Parasite Control

Intestinal parasites are organisms that live in the digestive tract of animals, including dogs and cats. They can be microscopic or visible to the naked eye, and can cause a variety of health problems for our pets. These parasites can be transmitted through contaminated food, water, or soil, or through contact with infected animals.

Types of Intestinal Parasites

There are several types of intestinal parasites that can affect dogs and cats. These include:

  • Roundworms
  • Hookworms
  • Tapeworms
  • Whipworms

Roundworms are the most common type of intestinal parasite and can be easily transmitted through contaminated soil or feces. Hookworms, on the other hand, can be contracted through contact with infected soil or by ingesting contaminated food or water. Tapeworms are usually contracted by ingesting infected fleas or rodents, while whipworms are transmitted through contact with infected feces.

Symptoms of Intestinal Parasites

The symptoms of intestinal parasites can vary depending on the type of parasite and the severity of the infection. Some common symptoms include diarrhea, vomiting, weight loss, and a dull coat. In severe cases, pets may also experience anemia, dehydration, and a pot-bellied appearance. If you notice any of these symptoms in your pet, it is important to consult with us for proper diagnosis and treatment.

Prevention of Intestinal Parasites

The best way to prevent intestinal parasites in your pets is through proper veterinary parasite control. This includes giving regular preventative medications and fecal exams. It is also important to keep your pet's living area clean and free of feces, as well as regularly cleaning and disinfecting their food and water bowls. Additionally, it is important to keep your pet away from areas where they may come into contact with infected feces, such as dog parks or communal areas.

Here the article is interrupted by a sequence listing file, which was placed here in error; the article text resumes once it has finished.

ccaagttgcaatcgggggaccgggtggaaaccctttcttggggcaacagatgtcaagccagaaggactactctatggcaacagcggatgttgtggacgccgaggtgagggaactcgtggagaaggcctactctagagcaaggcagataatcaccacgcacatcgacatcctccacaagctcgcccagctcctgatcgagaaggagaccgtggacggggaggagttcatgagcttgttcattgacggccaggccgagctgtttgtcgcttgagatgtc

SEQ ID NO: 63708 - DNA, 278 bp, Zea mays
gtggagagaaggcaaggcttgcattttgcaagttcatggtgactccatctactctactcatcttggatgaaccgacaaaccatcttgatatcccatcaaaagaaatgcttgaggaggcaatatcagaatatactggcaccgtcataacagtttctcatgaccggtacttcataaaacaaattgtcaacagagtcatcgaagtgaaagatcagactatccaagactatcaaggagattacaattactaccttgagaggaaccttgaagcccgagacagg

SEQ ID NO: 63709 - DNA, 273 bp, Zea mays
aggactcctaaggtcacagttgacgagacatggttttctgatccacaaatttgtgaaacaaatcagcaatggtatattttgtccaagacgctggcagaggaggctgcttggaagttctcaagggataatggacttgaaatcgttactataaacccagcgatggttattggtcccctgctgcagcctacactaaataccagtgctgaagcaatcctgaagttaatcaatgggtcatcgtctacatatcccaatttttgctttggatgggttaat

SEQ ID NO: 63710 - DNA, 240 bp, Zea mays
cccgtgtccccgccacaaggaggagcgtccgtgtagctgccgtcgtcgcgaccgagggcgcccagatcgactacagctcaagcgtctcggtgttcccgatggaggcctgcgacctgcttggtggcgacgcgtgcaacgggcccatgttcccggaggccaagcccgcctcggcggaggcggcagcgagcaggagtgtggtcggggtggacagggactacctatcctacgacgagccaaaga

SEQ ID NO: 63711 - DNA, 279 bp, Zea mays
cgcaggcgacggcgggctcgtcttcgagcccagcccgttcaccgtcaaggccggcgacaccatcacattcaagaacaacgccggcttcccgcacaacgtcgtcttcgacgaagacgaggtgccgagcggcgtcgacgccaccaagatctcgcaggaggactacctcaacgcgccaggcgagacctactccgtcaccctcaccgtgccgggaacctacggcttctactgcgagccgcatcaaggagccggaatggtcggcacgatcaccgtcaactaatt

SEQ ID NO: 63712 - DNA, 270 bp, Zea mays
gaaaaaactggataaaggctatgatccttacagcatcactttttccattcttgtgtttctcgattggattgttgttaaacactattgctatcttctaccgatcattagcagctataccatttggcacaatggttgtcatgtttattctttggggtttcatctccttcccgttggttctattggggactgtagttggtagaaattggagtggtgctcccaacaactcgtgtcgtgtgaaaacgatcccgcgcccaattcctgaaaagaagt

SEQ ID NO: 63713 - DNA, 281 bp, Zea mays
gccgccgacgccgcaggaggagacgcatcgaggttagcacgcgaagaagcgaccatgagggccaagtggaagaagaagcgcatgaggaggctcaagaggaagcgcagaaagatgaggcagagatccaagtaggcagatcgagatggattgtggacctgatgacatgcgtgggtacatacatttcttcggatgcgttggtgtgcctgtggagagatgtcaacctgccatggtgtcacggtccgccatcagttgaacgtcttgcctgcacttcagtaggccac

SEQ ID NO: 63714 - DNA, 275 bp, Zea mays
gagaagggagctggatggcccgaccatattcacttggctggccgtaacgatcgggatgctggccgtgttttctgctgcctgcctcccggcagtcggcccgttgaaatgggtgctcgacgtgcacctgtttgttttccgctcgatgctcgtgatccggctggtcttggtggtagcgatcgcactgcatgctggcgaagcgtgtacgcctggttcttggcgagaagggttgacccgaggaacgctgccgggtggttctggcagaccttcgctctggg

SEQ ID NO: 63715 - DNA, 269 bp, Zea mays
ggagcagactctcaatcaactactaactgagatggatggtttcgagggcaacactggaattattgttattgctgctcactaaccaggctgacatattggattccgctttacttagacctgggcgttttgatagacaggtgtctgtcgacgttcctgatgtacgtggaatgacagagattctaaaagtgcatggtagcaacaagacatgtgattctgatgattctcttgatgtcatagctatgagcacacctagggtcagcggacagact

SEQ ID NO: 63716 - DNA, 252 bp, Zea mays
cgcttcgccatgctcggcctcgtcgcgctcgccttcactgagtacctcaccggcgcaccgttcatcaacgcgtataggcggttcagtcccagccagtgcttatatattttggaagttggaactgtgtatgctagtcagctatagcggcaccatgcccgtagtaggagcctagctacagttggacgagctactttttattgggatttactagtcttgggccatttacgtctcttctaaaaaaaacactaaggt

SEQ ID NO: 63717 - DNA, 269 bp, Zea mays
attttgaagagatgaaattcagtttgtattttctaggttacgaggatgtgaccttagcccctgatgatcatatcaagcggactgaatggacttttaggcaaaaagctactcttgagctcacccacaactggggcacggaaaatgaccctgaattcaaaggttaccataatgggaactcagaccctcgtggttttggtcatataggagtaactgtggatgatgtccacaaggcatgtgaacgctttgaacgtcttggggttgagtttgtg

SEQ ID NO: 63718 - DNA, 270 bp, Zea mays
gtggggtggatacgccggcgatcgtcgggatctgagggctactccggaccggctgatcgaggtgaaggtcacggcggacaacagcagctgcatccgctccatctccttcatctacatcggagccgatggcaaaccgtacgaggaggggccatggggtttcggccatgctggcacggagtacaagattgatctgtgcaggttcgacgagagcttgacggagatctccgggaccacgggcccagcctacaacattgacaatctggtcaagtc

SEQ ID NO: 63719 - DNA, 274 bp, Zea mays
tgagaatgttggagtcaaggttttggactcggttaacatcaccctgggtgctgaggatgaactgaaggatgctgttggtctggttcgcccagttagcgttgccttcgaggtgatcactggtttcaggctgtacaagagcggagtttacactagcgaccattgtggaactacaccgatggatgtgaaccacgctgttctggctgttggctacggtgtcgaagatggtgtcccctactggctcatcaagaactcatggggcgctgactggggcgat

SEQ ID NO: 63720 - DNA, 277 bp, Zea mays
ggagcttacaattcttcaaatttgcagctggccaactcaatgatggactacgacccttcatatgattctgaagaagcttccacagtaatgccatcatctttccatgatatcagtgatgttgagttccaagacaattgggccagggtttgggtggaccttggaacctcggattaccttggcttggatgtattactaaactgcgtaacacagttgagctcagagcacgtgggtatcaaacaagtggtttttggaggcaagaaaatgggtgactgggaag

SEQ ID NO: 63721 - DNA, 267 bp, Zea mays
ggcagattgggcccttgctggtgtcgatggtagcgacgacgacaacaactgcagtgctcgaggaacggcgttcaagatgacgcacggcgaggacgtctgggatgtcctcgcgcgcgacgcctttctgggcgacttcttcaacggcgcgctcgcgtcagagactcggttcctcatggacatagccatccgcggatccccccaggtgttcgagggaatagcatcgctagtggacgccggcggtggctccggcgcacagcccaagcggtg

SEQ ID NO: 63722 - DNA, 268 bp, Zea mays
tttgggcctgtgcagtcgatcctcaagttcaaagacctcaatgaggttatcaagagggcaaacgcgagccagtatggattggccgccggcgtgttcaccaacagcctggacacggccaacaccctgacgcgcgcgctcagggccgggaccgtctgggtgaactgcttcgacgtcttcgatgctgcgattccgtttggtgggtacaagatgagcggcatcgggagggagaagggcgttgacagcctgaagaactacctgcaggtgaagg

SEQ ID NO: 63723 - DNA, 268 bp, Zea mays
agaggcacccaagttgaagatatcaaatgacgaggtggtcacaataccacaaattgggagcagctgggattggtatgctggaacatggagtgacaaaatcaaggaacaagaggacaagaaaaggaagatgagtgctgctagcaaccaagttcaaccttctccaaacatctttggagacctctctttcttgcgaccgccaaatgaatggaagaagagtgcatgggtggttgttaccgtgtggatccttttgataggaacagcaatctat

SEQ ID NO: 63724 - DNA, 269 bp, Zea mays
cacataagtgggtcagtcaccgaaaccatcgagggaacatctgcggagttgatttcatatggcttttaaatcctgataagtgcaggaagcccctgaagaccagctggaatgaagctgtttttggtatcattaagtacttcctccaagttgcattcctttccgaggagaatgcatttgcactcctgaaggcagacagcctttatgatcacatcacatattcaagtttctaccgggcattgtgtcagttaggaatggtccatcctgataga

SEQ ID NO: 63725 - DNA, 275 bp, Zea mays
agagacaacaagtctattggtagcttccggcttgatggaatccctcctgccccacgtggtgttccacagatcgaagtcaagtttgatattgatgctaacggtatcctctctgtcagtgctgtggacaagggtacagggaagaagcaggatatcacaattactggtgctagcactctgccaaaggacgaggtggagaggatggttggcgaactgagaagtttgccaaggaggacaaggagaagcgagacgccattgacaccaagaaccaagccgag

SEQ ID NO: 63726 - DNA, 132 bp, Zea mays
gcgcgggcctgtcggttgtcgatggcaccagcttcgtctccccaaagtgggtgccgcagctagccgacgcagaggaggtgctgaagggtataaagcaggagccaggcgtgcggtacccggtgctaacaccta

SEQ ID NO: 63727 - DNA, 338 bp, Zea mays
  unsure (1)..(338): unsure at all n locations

What Are Heartworms?

Heartworms are a type of parasitic worm that can live in the heart, lungs, and blood vessels of infected animals. They are transmitted through the bite of an infected mosquito and can grow up to 12 inches in length. Once inside the body, the worms can reproduce and cause severe damage to the heart and other organs.

Signs and Symptoms of Heartworm Disease


In dogs, the signs and symptoms of heartworm disease may not be noticeable until the disease has progressed to a severe stage. This is because the worms take about 6-7 months to mature and start causing symptoms.

Some common signs of heartworm disease in dogs include:

  • Coughing
  • Difficulty breathing
  • Fatigue
  • Weight loss
  • Decreased appetite
  • Swollen abdomen
  • Collapse

As the disease progresses, dogs may also develop heart failure, which can be fatal if left untreated.


Cats are not the natural host for heartworms, which means that they are less likely to develop adult worms. However, even a small number of worms can cause severe health problems in cats.

Some common signs of heartworm disease in cats include:

  • Coughing
  • Difficulty breathing
  • Vomiting
  • Weight loss
  • Lethargy
  • Collapse
  • Sudden death

Unlike dogs, cats may not show any signs of heartworm disease until it has reached an advanced stage. This is why regular heartworm testing is crucial for both dogs and cats.

Importance of Heartworm Testing

Heartworm testing is a simple and effective way to detect the presence of heartworms in your pet. It involves a blood test that checks for the presence of heartworm proteins, which are released by adult female worms.


Microchipping is a simple and safe procedure that involves inserting a tiny microchip, about the size of a grain of rice, under the skin of your pet. This microchip contains a unique identification number that can be scanned by a microchip reader. The number is then linked to your contact information in a national pet recovery database. This means that if your pet ever becomes lost, they can be scanned and easily identified, allowing you to be reunited with your furry friend.

How is it Done?